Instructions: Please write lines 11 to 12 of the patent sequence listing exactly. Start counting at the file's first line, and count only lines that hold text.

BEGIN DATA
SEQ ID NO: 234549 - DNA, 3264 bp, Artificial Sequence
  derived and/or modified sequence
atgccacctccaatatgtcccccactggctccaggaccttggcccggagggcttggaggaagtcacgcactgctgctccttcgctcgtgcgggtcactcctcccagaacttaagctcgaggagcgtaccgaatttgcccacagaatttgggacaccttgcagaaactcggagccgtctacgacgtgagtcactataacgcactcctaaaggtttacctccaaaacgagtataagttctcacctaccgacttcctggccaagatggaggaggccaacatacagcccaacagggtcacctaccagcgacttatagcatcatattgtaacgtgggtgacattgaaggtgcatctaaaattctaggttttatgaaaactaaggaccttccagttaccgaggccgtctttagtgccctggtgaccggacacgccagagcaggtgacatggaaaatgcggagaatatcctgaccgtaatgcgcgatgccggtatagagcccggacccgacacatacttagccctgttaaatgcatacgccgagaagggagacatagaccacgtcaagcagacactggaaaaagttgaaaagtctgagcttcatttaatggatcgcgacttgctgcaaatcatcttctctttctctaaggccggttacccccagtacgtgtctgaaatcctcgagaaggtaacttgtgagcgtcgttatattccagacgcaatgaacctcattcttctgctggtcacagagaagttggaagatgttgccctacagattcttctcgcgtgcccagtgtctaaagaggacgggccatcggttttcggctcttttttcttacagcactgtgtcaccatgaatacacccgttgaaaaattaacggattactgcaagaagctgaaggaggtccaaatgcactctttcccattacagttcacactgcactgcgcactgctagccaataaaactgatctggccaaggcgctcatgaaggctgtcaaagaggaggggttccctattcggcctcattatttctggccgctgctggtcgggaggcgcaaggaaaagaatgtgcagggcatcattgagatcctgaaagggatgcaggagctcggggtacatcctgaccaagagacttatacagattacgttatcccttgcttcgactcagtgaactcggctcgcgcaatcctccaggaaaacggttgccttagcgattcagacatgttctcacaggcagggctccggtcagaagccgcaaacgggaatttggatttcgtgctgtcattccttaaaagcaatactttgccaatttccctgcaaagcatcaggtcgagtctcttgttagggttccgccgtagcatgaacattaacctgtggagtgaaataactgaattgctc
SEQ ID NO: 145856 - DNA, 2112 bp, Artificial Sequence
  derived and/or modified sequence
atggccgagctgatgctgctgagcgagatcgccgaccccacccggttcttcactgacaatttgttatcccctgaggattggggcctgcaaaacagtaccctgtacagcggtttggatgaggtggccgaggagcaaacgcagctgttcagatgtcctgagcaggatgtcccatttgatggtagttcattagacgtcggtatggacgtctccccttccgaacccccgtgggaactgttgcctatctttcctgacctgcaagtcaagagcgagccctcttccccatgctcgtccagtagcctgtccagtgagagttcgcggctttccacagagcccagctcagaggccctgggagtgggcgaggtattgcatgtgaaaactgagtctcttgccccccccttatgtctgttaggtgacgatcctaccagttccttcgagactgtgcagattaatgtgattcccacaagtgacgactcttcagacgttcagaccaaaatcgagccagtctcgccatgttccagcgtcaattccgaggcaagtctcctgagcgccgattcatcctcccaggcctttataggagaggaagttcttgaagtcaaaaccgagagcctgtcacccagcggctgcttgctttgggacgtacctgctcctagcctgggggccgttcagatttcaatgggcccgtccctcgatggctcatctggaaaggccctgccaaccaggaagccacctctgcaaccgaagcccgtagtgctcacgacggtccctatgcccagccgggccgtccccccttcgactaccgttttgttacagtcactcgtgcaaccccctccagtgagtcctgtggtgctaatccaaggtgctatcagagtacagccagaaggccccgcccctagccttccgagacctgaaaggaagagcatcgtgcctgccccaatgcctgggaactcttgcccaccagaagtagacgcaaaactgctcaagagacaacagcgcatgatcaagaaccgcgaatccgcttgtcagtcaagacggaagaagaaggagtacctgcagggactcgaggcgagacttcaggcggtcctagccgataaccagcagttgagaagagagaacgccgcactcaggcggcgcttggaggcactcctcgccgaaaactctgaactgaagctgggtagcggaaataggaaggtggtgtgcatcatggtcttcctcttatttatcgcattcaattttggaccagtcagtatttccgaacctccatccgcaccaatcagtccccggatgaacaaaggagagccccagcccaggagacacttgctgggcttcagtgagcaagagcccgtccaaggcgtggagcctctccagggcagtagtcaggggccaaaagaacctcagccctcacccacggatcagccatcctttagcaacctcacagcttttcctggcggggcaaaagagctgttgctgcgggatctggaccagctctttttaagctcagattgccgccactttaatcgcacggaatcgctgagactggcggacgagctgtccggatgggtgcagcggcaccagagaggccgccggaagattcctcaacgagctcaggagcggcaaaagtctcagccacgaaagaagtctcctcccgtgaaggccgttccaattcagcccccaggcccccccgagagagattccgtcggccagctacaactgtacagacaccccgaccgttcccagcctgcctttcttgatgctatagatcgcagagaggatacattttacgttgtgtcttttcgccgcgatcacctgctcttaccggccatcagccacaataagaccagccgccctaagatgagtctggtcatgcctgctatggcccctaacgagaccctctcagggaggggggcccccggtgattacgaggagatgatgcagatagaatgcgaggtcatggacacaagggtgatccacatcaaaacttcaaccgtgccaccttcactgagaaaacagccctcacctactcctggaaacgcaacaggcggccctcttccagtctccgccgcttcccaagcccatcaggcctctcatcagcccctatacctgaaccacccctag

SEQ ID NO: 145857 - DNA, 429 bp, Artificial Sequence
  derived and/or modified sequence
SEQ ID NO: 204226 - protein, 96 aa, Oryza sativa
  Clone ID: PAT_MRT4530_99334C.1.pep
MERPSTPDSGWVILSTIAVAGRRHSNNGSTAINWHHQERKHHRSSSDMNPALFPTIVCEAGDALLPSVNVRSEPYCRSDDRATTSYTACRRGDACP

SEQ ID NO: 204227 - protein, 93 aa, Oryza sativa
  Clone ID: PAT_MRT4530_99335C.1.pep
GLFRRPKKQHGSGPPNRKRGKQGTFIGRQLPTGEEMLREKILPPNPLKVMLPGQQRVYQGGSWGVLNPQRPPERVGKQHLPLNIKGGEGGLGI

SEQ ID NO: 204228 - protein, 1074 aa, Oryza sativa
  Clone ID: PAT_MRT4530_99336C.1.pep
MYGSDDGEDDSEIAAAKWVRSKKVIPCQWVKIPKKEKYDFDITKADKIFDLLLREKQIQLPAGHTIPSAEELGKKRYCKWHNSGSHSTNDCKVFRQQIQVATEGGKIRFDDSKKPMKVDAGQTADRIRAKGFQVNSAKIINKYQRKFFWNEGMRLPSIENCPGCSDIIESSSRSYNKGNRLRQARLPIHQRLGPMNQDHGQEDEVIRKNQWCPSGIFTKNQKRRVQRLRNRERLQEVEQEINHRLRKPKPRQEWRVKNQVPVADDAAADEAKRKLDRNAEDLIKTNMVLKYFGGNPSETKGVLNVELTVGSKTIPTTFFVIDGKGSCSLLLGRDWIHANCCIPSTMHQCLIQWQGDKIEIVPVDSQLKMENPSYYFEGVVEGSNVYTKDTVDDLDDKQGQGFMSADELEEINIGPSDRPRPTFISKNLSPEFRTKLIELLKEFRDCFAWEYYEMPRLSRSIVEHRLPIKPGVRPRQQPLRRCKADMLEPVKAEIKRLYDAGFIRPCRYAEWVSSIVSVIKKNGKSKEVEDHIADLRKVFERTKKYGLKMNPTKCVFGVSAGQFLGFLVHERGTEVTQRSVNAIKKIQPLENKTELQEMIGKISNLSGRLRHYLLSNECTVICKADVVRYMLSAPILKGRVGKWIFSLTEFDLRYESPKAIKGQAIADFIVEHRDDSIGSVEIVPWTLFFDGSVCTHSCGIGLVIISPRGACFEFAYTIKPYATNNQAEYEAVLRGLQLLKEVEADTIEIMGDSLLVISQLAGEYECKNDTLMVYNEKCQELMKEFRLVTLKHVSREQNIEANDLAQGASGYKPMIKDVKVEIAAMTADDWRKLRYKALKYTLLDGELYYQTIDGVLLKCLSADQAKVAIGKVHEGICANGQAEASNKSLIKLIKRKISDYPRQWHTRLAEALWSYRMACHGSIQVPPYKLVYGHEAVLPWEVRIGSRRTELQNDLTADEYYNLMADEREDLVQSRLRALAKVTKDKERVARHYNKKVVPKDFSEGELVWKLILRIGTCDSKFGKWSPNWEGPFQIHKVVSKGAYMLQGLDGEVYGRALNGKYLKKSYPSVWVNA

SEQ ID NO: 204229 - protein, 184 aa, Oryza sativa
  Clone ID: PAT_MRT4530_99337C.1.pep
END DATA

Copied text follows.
MERPSTPDSGWVILSTIAVAGRRHSNNGSTAINWHHQERKHHRSSSDMNPALFPTIVCEAGDALLPSVNVRSEPYCRSDDRATTSYTACRRGDACP

SEQ ID NO: 204227 - protein, 93 aa, Oryza sativa